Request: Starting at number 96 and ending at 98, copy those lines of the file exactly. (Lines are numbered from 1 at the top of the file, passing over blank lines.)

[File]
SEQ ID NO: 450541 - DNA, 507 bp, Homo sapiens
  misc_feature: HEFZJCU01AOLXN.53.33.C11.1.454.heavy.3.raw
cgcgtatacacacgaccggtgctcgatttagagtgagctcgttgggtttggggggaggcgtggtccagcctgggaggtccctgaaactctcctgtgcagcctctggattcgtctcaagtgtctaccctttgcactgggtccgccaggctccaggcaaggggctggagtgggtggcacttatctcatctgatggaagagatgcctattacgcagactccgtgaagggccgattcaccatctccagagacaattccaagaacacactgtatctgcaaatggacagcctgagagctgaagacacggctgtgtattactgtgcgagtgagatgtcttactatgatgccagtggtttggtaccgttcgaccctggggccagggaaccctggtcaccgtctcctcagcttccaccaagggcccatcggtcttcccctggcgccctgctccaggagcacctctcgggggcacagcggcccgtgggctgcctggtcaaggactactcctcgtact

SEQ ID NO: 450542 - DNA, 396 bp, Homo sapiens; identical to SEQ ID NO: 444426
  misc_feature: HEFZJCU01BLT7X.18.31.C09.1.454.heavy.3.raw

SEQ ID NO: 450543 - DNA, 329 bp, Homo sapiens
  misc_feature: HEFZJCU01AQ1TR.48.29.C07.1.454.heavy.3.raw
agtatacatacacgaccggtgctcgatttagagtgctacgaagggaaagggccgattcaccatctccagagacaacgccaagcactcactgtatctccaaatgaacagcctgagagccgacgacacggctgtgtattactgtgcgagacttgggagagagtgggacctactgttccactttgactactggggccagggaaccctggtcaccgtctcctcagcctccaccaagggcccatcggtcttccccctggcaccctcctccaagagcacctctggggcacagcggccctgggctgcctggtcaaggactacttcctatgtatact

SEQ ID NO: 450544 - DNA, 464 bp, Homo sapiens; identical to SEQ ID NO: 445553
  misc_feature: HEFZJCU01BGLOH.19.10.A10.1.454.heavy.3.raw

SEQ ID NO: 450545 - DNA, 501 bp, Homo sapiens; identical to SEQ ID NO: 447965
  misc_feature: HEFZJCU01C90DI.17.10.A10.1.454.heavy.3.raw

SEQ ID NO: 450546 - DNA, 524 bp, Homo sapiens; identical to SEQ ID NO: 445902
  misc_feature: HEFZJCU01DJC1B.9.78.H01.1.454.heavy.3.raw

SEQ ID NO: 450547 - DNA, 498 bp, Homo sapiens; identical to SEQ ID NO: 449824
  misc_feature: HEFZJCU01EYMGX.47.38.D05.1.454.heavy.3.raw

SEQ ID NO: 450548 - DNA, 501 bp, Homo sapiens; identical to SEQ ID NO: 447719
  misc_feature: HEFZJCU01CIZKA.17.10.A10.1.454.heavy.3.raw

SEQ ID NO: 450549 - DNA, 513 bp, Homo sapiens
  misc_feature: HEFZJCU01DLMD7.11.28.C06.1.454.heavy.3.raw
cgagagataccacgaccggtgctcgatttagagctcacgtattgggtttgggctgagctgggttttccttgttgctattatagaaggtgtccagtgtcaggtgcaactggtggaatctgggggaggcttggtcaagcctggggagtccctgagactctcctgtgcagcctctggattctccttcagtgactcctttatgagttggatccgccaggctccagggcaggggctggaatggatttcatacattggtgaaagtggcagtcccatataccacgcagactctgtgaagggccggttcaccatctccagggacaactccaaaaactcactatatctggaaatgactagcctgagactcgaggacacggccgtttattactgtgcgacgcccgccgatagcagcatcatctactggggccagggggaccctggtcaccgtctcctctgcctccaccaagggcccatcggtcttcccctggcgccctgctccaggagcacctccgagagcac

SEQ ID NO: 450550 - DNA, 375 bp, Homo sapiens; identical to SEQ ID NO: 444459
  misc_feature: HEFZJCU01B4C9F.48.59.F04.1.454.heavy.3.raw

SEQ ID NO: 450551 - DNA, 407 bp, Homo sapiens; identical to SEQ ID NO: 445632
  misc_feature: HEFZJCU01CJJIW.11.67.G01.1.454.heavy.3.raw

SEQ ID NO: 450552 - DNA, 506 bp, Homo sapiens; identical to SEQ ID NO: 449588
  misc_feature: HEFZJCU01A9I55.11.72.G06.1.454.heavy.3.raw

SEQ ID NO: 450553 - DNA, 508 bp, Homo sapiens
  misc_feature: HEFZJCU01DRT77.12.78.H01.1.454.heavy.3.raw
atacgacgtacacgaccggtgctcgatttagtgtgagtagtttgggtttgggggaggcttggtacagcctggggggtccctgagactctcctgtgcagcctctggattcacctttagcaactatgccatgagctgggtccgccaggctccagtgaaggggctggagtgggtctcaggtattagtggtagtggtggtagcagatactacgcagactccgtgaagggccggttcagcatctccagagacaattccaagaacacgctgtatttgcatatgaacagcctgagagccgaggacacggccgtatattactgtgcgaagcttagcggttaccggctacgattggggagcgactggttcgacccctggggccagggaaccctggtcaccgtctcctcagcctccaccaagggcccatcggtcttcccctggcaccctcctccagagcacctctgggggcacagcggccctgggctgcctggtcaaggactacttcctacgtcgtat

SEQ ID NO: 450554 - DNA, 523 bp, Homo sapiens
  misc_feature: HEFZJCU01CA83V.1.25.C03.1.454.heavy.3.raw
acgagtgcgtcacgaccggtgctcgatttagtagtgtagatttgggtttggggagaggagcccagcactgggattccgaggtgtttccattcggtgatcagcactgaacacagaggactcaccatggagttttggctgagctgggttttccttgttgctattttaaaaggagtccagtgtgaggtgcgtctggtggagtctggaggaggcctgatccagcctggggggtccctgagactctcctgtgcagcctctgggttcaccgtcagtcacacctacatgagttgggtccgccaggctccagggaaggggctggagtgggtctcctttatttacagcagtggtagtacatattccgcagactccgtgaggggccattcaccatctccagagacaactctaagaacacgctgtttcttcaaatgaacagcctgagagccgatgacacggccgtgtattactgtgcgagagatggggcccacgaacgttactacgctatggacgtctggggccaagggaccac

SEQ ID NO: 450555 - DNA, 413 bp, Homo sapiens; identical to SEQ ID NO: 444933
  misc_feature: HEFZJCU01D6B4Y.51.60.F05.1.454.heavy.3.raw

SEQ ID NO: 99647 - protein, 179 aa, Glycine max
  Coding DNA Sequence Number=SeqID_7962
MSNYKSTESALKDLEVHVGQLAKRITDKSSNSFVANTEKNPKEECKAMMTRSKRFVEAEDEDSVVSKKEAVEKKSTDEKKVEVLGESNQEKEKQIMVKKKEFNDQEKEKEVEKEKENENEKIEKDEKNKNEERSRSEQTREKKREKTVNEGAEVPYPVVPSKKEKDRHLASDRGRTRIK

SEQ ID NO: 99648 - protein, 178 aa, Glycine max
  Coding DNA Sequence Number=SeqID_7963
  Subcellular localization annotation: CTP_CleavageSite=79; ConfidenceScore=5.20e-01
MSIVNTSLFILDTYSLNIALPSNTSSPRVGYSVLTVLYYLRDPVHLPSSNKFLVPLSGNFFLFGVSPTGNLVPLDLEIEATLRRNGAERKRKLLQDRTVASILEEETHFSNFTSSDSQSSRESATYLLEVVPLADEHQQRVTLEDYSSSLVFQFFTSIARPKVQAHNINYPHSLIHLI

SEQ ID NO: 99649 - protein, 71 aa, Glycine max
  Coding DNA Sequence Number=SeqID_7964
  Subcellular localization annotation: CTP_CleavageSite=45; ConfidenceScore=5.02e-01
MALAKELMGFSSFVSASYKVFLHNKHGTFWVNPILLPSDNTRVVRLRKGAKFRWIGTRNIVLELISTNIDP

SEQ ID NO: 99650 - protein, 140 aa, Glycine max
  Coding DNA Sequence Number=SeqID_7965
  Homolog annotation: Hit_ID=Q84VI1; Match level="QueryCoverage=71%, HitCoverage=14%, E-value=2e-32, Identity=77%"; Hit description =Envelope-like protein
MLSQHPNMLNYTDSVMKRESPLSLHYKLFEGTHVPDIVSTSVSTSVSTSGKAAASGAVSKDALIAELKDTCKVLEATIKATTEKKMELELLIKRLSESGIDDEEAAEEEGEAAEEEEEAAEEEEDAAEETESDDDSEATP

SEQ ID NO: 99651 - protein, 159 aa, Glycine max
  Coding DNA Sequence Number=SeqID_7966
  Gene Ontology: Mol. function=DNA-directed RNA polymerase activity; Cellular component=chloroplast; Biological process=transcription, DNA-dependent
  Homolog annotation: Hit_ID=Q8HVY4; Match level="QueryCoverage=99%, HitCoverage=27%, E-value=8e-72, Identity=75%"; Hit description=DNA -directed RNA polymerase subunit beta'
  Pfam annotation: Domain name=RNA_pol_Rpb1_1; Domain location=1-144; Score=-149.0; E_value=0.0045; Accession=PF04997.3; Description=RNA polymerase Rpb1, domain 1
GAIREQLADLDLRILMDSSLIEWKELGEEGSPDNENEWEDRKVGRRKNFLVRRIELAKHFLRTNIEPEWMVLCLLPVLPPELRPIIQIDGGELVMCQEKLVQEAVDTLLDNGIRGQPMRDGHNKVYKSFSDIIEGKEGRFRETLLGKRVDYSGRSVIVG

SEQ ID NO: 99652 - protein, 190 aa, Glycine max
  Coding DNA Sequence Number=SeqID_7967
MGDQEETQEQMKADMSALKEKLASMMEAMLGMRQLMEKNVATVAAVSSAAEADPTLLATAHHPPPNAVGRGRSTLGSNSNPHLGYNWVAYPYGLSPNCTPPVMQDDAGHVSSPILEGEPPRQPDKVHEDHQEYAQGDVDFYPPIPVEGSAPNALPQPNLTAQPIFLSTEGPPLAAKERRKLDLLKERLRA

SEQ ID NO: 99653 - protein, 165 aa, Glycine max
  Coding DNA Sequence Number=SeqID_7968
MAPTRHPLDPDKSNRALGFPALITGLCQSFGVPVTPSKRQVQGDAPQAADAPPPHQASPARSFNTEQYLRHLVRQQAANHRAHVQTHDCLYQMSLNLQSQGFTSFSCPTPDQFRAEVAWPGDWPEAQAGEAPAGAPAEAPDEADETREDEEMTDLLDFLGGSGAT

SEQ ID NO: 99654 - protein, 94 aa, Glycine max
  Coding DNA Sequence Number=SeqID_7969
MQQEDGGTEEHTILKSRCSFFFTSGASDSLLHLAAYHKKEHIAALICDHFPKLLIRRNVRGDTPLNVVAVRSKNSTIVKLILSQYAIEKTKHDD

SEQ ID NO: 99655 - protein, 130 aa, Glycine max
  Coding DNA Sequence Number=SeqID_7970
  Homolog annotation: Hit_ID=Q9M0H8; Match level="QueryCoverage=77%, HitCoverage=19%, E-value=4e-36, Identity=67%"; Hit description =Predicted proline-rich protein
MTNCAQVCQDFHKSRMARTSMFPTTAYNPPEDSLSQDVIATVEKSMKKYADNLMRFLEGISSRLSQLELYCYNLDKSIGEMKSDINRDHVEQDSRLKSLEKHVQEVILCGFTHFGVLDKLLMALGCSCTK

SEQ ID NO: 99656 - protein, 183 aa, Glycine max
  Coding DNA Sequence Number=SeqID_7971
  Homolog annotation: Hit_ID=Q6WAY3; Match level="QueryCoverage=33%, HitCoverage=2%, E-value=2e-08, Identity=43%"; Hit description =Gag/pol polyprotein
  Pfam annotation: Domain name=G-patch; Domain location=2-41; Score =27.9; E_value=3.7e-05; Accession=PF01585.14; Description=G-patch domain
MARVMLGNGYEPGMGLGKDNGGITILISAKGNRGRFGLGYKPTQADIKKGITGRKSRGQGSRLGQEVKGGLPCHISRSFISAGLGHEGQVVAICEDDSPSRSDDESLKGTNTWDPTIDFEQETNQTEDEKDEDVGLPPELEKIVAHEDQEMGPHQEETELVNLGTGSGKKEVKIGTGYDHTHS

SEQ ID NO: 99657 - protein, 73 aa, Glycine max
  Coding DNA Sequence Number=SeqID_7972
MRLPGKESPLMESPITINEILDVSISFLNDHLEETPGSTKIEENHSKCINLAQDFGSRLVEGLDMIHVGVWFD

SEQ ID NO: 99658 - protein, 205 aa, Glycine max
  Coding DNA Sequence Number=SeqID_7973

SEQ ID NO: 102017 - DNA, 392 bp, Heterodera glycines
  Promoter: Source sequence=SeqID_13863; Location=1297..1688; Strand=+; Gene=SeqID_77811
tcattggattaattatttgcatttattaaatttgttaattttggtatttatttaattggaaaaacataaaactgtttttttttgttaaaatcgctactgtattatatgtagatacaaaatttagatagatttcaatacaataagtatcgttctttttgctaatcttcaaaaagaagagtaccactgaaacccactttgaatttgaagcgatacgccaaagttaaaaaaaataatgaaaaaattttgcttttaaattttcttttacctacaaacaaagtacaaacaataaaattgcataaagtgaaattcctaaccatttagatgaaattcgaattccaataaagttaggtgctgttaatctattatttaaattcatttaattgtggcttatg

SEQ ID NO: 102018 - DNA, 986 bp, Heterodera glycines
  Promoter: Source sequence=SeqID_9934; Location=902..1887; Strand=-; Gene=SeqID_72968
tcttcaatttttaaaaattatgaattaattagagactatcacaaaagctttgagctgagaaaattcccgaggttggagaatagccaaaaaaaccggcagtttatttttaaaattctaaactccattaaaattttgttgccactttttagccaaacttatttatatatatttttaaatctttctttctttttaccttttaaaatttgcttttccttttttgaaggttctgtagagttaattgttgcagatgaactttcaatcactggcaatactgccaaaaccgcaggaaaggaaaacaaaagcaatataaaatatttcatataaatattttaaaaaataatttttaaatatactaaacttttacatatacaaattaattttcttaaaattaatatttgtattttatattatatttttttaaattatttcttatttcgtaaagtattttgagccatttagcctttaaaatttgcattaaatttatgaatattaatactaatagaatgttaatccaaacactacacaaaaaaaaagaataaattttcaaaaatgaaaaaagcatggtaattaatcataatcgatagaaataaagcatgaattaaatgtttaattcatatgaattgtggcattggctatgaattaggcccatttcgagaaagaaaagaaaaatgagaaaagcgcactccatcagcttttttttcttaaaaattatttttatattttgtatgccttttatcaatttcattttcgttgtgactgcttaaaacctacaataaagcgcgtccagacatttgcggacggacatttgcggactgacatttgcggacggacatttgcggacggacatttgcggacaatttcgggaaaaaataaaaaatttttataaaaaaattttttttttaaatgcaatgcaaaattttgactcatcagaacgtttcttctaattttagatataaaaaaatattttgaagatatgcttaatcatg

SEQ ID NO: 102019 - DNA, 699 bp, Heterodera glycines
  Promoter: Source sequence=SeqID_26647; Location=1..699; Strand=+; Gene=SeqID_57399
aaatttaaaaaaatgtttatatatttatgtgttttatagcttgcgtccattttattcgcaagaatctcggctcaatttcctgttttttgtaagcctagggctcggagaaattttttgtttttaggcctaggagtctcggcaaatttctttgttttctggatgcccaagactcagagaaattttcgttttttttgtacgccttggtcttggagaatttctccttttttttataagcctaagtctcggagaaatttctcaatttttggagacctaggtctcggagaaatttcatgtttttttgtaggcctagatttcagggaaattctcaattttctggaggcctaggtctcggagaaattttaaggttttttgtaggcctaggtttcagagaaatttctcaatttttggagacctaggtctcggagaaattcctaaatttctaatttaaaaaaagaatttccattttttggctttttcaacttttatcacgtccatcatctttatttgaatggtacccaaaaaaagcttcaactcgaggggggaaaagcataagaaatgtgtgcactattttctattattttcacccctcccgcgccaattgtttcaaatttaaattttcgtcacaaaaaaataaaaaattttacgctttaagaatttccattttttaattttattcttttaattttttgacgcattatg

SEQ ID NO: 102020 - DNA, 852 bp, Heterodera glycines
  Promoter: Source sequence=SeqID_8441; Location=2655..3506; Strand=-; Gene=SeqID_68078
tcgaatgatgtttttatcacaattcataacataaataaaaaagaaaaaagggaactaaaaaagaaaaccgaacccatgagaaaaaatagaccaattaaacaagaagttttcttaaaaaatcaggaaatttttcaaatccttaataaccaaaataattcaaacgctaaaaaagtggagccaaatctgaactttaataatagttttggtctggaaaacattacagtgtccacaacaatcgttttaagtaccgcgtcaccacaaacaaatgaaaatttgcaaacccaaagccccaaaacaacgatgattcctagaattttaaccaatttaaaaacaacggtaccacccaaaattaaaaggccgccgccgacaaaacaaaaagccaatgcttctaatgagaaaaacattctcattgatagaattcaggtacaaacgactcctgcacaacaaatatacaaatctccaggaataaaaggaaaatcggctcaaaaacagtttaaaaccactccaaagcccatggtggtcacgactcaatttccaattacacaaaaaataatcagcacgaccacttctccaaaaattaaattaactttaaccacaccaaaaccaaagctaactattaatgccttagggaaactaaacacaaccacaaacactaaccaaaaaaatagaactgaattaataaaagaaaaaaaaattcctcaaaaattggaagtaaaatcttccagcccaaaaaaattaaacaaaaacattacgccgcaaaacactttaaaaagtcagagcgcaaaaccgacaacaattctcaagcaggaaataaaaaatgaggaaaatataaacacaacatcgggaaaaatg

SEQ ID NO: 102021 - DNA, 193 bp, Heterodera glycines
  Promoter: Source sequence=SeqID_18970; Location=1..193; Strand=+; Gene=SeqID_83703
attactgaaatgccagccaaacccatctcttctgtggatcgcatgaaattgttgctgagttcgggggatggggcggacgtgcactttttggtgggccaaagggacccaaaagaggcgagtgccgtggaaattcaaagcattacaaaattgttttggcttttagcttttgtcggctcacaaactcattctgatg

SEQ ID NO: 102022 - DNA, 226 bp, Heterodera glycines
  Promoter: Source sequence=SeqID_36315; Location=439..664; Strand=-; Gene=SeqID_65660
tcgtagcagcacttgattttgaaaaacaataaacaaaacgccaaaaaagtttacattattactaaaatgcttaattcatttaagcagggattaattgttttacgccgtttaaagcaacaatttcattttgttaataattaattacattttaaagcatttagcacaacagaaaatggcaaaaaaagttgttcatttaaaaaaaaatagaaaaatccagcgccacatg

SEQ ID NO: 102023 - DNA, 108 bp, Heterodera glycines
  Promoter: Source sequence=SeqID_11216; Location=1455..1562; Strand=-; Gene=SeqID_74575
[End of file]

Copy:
  Promoter: Source sequence=SeqID_36315; Location=439..664; Strand=-; Gene=SeqID_65660
tcgtagcagcacttgattttgaaaaacaataaacaaaacgccaaaaaagtttacattattactaaaatgcttaattcatttaagcagggattaattgttttacgccgtttaaagcaacaatttcattttgttaataattaattacattttaaagcatttagcacaacagaaaatggcaaaaaaagttgttcatttaaaaaaaaatagaaaaatccagcgccacatg

SEQ ID NO: 102023 - DNA, 108 bp, Heterodera glycines